48
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Here's a fun (albeit difficult) one:

Make these equations true using arithmetic operations:

1 1 1 = 6
2 2 2 = 6
3 3 3 = 6
4 4 4 = 6
5 5 5 = 6
6 6 6 = 6
7 7 7 = 6
8 8 8 = 6
9 9 9 = 6

For example: 6 + 6 - 6 = 6 (I hope I did not spoil some of you :D)

Allowed operators are:

+, -, *, /, ! , ^, %

Setting parenthesis is also allowed.

The ^ operator is an exception as you are permitted to supply a second argument to it which may be any positive integer or the multiplicative inverse of it.

$x^{1/y}$ is always positive and real.

If you find an alternative solution using other operators you may post it but please also provide a solution using only these 7 operators.


For those of you who think this was easy, here is a bonus:

0 0 0 = 6
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20
  • 1
    $\begingroup$ Obviously not only -,+,*,/ are allowed. Please tell full list of allowed operations. $\endgroup$
    – klm123
    Jul 26 '14 at 22:12
  • $\begingroup$ "(x^0 + x^0 + x^0)!" - so you allowed to use additional numbers and ()? $\endgroup$
    – klm123
    Jul 26 '14 at 22:30
  • $\begingroup$ @klm123 Yes, you are allowed to use additional numbers, but only as second argument to the ^ operator $\endgroup$
    – ThreeFx
    Jul 26 '14 at 22:31
  • 1
    $\begingroup$ How about square roots? $\endgroup$
    – BitNinja
    Jul 26 '14 at 23:28
  • 1
    $\begingroup$ @Muqo For the sake of keeping everything nice and clean, we will only consider the positive real roots $\endgroup$
    – ThreeFx
    Jul 27 '14 at 15:29

11 Answers 11

45
$\begingroup$

1.

$(1+1+1)! = 6 $

2.

$2+2+2 = 6$

3.

$3*3-3 = 6$

4.

$\left(4-\frac 4 4\right)! = \sqrt 4+\sqrt 4+\sqrt 4=6$

5.

$5+\frac 5 5 = 6$

6.

$6*\frac 6 6 = 6 + 6 -6=6$

7.

$7-\frac 7 7 = 6$

8.

$\left(\sqrt{8+\frac 8 8}\right)! = 6$

9.

$\left(\frac{\sqrt{9}\sqrt{9}}{\sqrt 9}\right)! = 6$

Bonus:

$(0!+0!+0!)! = 6$

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11
  • 5
    $\begingroup$ Bonus: (0^0 + 0^0 + 0^0)! $\endgroup$
    – c0rp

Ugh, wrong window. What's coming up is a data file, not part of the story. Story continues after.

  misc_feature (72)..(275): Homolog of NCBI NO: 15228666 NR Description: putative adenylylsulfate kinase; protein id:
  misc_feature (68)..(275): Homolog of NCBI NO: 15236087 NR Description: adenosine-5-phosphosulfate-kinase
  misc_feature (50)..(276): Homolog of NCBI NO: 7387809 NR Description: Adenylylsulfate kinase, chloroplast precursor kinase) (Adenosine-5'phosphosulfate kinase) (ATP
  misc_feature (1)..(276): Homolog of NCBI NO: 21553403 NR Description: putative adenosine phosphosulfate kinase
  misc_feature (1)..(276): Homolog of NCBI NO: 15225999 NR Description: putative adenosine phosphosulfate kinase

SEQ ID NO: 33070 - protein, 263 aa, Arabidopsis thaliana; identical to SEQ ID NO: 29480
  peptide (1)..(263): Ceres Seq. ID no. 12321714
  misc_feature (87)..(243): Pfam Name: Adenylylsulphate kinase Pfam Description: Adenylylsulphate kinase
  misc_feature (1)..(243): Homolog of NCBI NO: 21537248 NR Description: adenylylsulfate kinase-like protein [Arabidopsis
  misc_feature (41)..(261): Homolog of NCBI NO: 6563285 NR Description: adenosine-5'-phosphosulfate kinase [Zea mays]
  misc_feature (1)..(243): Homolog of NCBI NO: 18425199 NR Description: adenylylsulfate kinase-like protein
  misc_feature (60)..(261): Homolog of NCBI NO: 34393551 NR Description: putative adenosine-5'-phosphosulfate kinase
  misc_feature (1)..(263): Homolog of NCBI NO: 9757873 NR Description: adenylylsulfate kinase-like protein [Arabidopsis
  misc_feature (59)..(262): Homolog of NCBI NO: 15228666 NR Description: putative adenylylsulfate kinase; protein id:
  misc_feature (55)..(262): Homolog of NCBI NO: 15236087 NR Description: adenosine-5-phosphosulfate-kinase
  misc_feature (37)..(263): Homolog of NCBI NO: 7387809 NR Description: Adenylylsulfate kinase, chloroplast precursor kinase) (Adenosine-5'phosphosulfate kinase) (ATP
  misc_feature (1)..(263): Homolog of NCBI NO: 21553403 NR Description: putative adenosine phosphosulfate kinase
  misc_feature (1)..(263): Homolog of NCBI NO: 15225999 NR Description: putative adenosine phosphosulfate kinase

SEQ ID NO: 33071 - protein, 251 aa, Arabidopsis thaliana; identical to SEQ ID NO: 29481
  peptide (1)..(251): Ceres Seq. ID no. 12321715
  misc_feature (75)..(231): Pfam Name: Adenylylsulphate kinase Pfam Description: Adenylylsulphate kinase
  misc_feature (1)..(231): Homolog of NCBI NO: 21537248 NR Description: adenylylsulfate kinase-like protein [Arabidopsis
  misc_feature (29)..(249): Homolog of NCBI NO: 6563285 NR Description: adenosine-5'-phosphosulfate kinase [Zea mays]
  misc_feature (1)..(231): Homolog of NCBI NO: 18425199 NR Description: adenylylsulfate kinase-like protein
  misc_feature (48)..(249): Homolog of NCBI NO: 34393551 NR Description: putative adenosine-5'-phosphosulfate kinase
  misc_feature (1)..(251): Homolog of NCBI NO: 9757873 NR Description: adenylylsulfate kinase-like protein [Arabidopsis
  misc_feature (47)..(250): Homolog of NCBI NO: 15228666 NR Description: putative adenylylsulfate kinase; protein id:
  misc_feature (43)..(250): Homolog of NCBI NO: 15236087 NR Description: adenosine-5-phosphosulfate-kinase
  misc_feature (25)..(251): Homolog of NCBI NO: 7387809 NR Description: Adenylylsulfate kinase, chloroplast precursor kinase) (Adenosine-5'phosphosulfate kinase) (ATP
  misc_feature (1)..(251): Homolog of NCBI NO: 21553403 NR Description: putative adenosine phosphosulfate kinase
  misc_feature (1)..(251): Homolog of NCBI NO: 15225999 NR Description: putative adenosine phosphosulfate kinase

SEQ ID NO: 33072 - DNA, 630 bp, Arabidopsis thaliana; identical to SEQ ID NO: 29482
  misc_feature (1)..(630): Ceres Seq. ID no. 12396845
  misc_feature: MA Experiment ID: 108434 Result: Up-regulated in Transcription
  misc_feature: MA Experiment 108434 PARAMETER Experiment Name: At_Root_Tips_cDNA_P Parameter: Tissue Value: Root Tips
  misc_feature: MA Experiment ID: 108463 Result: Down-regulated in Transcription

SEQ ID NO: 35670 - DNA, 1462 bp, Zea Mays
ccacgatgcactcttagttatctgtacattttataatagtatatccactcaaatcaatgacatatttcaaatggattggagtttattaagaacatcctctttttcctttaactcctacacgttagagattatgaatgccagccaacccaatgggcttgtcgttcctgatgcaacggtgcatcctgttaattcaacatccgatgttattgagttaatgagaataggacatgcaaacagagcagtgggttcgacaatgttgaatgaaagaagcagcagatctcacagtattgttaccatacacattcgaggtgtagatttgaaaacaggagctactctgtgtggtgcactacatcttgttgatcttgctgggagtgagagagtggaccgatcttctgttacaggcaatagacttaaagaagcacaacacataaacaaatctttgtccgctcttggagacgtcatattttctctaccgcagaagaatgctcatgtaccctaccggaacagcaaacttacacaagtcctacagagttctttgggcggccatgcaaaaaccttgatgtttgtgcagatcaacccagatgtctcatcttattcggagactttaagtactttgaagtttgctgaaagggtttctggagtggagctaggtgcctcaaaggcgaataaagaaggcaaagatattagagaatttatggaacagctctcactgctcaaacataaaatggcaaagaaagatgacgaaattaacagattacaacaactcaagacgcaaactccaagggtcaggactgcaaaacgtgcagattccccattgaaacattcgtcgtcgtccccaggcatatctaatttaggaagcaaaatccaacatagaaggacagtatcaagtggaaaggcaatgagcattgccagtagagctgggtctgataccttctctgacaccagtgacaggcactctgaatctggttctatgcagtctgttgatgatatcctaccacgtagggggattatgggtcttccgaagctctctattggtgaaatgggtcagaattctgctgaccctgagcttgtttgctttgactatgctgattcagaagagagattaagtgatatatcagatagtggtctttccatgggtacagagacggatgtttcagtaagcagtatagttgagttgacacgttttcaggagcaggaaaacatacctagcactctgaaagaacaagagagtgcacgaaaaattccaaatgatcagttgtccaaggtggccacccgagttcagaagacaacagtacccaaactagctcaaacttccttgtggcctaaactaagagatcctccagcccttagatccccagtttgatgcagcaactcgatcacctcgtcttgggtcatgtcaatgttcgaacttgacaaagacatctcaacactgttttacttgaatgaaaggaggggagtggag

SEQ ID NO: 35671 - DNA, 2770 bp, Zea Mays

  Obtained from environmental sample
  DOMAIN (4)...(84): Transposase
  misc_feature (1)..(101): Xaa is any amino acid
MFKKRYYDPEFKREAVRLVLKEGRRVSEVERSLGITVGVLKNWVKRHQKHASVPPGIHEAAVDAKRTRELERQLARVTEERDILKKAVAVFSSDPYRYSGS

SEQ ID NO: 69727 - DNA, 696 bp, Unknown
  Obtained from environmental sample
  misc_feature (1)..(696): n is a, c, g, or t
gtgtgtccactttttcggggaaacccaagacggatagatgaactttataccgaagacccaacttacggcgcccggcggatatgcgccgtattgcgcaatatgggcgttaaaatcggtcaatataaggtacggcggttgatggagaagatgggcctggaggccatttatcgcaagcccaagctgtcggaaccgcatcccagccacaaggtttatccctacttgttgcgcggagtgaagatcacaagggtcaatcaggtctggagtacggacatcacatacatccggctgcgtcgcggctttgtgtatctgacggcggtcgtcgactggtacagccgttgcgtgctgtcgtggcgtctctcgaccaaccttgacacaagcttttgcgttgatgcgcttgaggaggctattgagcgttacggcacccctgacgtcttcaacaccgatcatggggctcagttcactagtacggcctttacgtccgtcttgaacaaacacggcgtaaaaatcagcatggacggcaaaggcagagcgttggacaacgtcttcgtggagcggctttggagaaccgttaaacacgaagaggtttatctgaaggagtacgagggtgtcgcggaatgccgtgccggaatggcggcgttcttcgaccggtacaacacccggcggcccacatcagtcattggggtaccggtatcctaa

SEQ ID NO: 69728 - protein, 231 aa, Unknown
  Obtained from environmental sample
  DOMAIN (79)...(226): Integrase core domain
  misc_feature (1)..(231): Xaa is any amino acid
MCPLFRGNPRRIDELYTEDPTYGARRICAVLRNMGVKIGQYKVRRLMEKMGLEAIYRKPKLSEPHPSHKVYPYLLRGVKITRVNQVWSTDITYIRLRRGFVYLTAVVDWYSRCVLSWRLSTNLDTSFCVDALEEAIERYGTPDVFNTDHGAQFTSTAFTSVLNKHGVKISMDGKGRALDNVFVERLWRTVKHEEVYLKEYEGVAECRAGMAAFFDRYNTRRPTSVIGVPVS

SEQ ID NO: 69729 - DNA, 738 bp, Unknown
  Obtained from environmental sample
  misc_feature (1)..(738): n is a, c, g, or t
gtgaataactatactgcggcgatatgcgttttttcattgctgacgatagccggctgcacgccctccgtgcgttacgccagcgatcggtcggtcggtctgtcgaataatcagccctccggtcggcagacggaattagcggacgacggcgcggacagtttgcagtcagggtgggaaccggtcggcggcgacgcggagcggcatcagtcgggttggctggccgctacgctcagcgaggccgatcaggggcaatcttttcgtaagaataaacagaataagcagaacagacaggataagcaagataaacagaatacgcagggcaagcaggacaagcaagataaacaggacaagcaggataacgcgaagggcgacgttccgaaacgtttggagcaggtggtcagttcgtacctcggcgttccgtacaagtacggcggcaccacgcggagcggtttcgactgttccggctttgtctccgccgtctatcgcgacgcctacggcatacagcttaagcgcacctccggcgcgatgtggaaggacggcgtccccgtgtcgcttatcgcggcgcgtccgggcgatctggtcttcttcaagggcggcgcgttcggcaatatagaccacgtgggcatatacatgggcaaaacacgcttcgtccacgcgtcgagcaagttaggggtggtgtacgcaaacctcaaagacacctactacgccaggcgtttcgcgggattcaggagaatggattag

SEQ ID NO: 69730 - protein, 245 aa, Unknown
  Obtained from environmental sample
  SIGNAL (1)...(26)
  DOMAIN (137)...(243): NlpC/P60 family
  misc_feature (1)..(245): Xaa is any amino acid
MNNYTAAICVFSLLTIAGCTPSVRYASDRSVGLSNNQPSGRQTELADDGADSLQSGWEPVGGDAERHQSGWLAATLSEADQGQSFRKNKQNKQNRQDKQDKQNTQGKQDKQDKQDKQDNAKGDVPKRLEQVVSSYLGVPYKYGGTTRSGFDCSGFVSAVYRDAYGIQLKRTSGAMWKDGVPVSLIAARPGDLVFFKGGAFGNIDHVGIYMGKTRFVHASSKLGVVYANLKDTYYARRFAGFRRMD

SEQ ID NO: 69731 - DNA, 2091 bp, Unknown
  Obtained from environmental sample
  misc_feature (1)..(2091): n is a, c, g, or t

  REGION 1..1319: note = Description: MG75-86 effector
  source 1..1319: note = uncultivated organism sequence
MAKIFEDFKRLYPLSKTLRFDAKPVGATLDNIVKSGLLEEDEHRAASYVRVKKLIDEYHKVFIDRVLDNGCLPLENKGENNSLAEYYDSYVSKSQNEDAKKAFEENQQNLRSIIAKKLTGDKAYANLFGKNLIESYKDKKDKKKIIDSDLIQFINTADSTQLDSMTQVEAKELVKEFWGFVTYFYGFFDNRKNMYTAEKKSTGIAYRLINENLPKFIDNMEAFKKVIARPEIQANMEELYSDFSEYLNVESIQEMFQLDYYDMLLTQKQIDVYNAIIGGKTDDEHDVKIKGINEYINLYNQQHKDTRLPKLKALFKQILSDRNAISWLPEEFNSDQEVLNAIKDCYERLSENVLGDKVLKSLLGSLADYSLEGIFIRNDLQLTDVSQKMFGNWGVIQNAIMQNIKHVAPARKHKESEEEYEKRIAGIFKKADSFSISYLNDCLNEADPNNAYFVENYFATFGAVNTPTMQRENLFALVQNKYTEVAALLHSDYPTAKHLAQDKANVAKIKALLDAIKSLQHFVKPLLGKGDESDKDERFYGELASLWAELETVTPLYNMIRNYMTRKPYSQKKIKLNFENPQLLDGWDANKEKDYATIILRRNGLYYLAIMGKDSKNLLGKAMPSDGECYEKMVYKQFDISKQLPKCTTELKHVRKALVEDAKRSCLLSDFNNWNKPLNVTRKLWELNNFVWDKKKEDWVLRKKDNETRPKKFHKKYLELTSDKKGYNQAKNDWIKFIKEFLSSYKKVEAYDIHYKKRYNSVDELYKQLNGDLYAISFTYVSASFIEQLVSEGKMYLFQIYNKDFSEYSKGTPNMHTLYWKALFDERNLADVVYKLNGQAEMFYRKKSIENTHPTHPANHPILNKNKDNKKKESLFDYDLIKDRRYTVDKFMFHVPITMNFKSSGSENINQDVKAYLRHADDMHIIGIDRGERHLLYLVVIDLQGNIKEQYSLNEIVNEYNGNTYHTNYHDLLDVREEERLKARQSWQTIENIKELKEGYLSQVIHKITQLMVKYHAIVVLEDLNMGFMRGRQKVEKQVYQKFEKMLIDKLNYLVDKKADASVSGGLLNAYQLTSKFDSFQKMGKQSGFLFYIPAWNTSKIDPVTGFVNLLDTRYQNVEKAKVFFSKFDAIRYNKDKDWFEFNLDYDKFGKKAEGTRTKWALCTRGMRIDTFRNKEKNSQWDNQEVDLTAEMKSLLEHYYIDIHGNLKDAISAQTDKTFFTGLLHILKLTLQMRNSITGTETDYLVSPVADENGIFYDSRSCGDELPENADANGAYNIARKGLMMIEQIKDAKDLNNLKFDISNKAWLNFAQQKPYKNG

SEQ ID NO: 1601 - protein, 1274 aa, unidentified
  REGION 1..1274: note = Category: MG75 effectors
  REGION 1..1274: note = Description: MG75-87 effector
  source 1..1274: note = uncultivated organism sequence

Jul 27 '14 at 9:49
  • 3
    $\begingroup$ @c0rp 0^0 is NaN. Also, you can only choose a positive exponent. $\endgroup$
    – ThreeFx
    Jul 27 '14 at 11:38
  • 14
    $\begingroup$ $0! = 1$, though. $\endgroup$ Jul 28 '14 at 0:09
  • 8
    $\begingroup$ @ThreeFx 0^0 is not always NaN depending on who you ask and what field you're in. It can also be set to 0^0=1 $\endgroup$ Apr 22 '15 at 15:18
  • 2
    $\begingroup$ "one has to know that in order to be able to use it"? What on earth does that mean? $\endgroup$
    – Lynn
    Nov 22 '15 at 1:05
33
$\begingroup$

I insist on using all the digits!

$(1 + 1^{1234567890} + 1)! = 6$

$(2 + (2^{1234567890}\ \text{mod}\ 2)!)! = 6$

$(3 + 3^{1234567890}\ \text{mod}\ 3)! = 6$

$(4 - (4^{1234567890}\ \text{mod}\ 4)!)! = 6$

$5 + (5^{1234567890}\ \text{mod}\ 5)! = 6$

$6 + 6^{1234567890}\ \text{mod}\ 6 = 6$

$7 - (7^{1234567890}\ \text{mod}\ 7)! = 6$

$(\sqrt[3]8 + (8^{1234567890}\ \text{mod}\ 8)!)! = 6$

$(\sqrt{9} + (9^{1234567890}\ \text{mod}\ 9))! = 6$

$(0! + (0^{1234567890})! + 0!)! = 6$

No, wait! How about if we take subtraction out and put subfactorial in? More exclamation points!!!!

$((!1)! + (!1)! + (!1)!)! = 6$

$(!2 + !2 + !2)! = 6$

$!3 + !3 + !3 = 6$

$(\sqrt{!4} \times 4 \div 4)! = 6$

$!(\sqrt{!5\ \text{mod}\ 5}) + 5 = 6$

$!6\ \text{mod}\ 6 \times 6 = 6$

$!7\ \text{mod}\ 7\ \text{mod}\ 7 = 6$

$(!8\ \text{mod}\ 8 + \sqrt[3]8)! = 6$

$\sqrt[3]{!9\ \text{mod}\ 9} \times \sqrt9 = 6$

$(!0 + !0 + !0)! = 6$

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2
  • 19
    $\begingroup$ ????!!!!????!!!! $\endgroup$ Dec 30 '14 at 11:20
  • 2
    $\begingroup$ @rand al'thor You look like you need some 's!! Hold on, is there a operator, too‽‽ This answer might need revision!! $\endgroup$
    – Muqo
    Dec 30 '14 at 18:17
9
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The bottom five (0 through 4) can all be solved using the same construction:

(0!+0!+0!)! = 6
(1 +1 +1 )! = 6
(2 +2 /2 )! = 6
(3 +3 %3 )! = 6
(4 -4 /4 )! = 6

For 6 and 7, there are slightly more funky solutions:

(6!)%(6!-6)=6
((7!)/7)%7=6

(I haven't found an interesting solution for 5, nor any square-root-free solutions for 8 or 9.)

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2
  • 1
    $\begingroup$ Square roots are allowed. $\endgroup$
    – user20
    Jul 27 '14 at 1:54
  • 3
    $\begingroup$ I don't know who edited my answer or why, but I disagree with it. Why it was approved is a mystery to me. The added answer for 9 is incorrect. The answer for 8 uses the double factorial operator (not the same as the factorial of the factorial of its operand), which was not explicitly allowed by OP. To top it off, the markup was broken and would not properly hide the answers. $\endgroup$
    – Rhymoid
    Nov 13 '16 at 8:50
7
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Here we go.

1:

$(1+1+1)! = 6$
This is the only possible one as far as I know.

2:

$2+2+2 = 6$

3:

$3*3-3 = 6$

4:

$4+(4/\sqrt{4}) = 6$

5:

$5+(5/5) = 6$

6:

$6*(6/6) = 6$

7:

$7-(7/7) = 6$

8:

8 - $\sqrt[4]{8 + 8} = 6$

9:

$(9+9)/\sqrt{9} = 6$

Bonus - 0:

$(0! + 0! + 0!)! = 6$

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3
  • 1
    $\begingroup$ Nice solutions, I particulary like the one to number 8, definitely worthy of an upvote. :D $\endgroup$
    – ThreeFx
    Dec 30 '14 at 2:27
  • 1
    $\begingroup$ Well, is only if you allow roots, and the solution to #8 requires a "4" $\endgroup$
    – HSuke